Mother with Unreasonable Expectations
I feel I will never be good enough for my mother.
I am a typical teenaged girl who has an even more typical mother. She has certain aspirations for me that are unfeasible. While she was always Head of Play in her high school, I chose to work backstage. While she was Student Council President, I was "only" Head of School Spirit Day. When I recently didn't get into her definition of "a top university" (that she went to, of course), her disappointment was obvious.
I work really hard in school and get really good grades, do lots of community work, and have many friends. You would think a mother would be proud of that kind of daughter. Yet every time my life deviates from hers, we run into issues. All past conflicts come up. She tells me that she’s not disappointed in me, that she’s really proud of me. But she keeps reminding me of past "failures". It ruins my self esteem and self confidence. I chew over her words until I actually feel like a failure. She tells me my school doesn't recognize how awesome I am because they aren't putting me in the limelight... And I point out that they picked me to give a school-wide speech, and I was one of four girls who got an 11th grade honor...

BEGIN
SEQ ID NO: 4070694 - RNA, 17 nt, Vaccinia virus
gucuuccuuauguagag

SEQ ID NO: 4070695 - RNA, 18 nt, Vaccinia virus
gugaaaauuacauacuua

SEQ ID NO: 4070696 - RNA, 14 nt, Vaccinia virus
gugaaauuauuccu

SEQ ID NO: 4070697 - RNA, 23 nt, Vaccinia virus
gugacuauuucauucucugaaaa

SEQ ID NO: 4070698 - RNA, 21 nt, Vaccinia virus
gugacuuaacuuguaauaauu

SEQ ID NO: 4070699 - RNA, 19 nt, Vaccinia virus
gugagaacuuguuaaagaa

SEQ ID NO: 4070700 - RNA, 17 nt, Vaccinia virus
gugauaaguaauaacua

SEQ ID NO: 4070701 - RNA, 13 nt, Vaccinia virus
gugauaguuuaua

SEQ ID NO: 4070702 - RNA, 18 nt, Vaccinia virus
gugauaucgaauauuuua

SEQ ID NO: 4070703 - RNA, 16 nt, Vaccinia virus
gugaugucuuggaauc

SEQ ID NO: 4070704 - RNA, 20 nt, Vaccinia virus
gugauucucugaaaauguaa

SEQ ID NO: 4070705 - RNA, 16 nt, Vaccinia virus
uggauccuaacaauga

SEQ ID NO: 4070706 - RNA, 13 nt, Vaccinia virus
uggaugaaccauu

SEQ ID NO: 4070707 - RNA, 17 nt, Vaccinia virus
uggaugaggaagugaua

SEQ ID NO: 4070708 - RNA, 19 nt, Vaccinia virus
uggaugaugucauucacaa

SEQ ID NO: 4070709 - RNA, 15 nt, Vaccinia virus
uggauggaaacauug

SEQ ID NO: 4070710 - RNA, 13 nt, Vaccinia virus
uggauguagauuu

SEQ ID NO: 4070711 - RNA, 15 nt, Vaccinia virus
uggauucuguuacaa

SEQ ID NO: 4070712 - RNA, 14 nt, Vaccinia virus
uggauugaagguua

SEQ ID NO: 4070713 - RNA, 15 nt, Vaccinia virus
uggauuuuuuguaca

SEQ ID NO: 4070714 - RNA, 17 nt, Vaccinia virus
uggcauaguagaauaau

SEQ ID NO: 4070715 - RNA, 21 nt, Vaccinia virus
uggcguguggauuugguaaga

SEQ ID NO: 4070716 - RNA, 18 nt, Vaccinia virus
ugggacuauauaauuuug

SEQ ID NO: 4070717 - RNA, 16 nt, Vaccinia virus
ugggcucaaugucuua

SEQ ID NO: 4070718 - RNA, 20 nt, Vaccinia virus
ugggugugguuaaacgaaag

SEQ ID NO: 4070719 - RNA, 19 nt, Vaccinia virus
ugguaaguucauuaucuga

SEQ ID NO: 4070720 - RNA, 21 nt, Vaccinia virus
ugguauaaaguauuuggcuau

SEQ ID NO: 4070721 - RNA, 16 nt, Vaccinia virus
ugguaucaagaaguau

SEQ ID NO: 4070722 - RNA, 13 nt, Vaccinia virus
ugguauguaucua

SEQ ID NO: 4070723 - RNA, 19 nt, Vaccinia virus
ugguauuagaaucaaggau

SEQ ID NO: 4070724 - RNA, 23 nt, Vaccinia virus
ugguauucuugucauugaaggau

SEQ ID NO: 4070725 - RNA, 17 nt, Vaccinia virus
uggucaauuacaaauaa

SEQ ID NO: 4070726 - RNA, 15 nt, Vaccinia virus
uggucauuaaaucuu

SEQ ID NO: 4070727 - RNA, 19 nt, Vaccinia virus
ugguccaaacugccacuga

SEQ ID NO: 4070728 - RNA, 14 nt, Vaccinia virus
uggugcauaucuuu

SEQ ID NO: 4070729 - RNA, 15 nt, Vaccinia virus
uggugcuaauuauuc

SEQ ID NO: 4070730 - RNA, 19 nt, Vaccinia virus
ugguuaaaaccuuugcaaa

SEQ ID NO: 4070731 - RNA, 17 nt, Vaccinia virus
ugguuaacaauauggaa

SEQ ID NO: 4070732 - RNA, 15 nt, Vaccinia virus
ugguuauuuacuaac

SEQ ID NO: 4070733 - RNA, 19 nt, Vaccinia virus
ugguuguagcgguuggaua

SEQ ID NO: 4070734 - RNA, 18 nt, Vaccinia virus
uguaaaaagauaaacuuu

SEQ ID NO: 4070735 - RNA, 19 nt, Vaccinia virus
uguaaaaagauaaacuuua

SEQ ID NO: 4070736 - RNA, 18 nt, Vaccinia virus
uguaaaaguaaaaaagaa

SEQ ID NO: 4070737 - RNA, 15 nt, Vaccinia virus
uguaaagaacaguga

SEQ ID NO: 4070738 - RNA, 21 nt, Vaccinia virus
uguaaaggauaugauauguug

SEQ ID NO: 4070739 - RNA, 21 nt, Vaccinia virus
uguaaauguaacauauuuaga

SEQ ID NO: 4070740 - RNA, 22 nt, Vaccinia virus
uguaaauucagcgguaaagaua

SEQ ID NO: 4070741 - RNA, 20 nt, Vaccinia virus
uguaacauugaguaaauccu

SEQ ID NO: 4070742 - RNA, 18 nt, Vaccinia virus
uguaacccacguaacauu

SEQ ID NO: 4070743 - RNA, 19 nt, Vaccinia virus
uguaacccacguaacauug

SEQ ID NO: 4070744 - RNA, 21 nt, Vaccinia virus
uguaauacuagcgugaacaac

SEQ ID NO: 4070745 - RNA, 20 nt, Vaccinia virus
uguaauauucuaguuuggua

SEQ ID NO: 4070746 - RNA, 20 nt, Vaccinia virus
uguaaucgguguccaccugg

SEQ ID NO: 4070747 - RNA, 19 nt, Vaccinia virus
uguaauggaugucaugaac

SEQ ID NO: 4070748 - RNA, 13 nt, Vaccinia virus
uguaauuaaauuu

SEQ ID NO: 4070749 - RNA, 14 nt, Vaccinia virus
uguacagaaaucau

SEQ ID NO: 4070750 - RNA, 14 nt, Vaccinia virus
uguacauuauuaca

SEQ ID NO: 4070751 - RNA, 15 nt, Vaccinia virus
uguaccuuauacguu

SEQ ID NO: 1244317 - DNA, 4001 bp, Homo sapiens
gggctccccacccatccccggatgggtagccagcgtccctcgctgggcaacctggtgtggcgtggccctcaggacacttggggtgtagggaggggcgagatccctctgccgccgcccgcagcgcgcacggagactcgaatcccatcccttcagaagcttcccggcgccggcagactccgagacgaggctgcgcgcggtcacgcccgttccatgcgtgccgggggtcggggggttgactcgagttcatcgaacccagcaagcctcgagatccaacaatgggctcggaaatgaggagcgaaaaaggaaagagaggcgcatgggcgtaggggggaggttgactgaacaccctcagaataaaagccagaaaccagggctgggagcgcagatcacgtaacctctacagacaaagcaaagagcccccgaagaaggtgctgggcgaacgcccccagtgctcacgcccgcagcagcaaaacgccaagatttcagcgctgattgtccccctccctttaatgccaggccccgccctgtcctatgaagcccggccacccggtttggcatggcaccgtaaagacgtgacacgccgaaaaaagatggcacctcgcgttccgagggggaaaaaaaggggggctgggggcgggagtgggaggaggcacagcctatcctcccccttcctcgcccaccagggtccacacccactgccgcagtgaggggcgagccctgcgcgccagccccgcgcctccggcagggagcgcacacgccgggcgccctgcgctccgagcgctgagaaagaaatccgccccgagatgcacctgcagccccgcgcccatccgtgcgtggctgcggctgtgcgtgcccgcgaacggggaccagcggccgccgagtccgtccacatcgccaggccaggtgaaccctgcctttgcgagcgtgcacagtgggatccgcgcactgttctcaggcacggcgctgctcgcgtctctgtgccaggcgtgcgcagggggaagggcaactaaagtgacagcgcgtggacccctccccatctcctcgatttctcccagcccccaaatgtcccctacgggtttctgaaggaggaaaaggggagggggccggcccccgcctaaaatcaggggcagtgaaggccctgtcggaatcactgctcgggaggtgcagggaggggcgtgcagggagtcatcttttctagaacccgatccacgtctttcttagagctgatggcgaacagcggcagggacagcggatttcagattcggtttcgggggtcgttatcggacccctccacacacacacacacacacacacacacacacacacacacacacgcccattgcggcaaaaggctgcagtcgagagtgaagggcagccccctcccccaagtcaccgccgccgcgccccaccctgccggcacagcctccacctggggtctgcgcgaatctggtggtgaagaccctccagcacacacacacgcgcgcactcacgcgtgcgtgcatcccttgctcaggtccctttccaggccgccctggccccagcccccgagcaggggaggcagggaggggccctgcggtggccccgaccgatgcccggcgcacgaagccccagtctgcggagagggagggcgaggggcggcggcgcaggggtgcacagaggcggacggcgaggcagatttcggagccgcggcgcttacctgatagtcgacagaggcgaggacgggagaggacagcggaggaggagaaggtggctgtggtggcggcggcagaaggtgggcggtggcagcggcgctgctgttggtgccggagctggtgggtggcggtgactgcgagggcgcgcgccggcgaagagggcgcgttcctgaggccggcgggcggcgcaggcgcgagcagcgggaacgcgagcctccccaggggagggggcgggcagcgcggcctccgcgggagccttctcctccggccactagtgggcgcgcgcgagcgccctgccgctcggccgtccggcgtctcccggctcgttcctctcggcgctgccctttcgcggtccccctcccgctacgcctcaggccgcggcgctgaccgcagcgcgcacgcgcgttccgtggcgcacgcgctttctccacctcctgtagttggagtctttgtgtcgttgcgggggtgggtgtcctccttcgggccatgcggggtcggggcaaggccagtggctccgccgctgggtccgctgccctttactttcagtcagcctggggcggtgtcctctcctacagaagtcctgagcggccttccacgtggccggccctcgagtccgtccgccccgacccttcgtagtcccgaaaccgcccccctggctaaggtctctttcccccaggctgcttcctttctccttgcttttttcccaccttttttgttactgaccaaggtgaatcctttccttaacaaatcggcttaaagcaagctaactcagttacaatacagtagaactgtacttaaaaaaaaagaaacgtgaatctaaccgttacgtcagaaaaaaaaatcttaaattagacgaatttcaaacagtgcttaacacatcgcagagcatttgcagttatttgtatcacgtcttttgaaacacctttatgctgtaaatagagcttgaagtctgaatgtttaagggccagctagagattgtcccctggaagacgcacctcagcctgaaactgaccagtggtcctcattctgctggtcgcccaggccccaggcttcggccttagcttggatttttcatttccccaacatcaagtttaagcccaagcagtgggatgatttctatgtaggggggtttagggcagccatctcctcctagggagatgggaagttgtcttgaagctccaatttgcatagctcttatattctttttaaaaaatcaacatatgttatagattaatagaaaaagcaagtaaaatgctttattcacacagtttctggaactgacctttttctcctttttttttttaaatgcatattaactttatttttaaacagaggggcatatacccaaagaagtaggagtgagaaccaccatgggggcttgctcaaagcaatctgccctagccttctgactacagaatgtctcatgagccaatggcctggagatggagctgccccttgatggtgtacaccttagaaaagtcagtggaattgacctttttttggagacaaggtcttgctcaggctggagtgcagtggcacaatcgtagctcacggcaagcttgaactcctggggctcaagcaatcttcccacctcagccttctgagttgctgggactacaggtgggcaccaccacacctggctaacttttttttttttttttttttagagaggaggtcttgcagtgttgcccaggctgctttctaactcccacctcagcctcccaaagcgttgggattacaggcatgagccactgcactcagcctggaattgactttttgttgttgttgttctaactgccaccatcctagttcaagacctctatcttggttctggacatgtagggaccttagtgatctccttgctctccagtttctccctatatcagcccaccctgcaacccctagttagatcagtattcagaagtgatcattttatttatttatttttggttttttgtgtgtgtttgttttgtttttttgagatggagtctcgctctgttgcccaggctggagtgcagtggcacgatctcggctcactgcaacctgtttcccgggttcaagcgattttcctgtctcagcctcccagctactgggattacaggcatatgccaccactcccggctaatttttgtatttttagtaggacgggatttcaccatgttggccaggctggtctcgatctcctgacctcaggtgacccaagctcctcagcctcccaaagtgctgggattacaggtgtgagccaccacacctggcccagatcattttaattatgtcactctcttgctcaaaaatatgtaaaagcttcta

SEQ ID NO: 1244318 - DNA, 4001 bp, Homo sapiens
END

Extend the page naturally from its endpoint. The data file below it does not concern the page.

But it doesn't help. Recently, she started a new project: making sure I'm valedictorian. I tell her time and time again not to expect anything. She says “Okay,” but never really gives up. Starting last week, instead of calling me by my name, she calls me “Valedictorian”. This is getting to be too much to bear. I feel I will never be good enough for her.
Lauren Roth's Answer
First of all, it sounds to me like your mother has different expectations from you and from your life than you do. If you both wanted the things that she wants for you, you wouldn’t have this conflict with her. Second of all, I do think that her expectations for you sound pretty unhealthy, and you might keep that in mind when she makes you feel not good enough, or like a failure. It seems to me that she wants you to be “in the limelight” and in all sorts of situations which give external accolades, probably because she does not feel secure just in being who she is, and she’s transferring those feelings onto you and your life.
The challenge for you will be for you to feel secure enough just in being who you are, and resisting her need for you to receive public honor.
I was thinking about your question over Shabbat, and it occurred to me that the message of Shabbat – which God commands us to keep once a week, every week – is to not need to “do” anything to deserve God’s love. On Shabbat, we are forbidden to do any creative work. We have to just be. The message of Shabbat is that God loves us just because we are. Just because we are us, God loves us and takes care of us.
I think contemplating your immense worth just in being you, without accomplishing or receiving honors, would help you stay centered when your mother’s expectations start to bring you down. An ideal time to really experience your value and worth just by being you would be on Shabbat. If you don’t keep Shabbat yet, maybe it’s time to give it a try, so you can experience the joy of God loving you when you are “just being.” Keeping it every week would give you lots of practice in recognizing your worth just because you are you.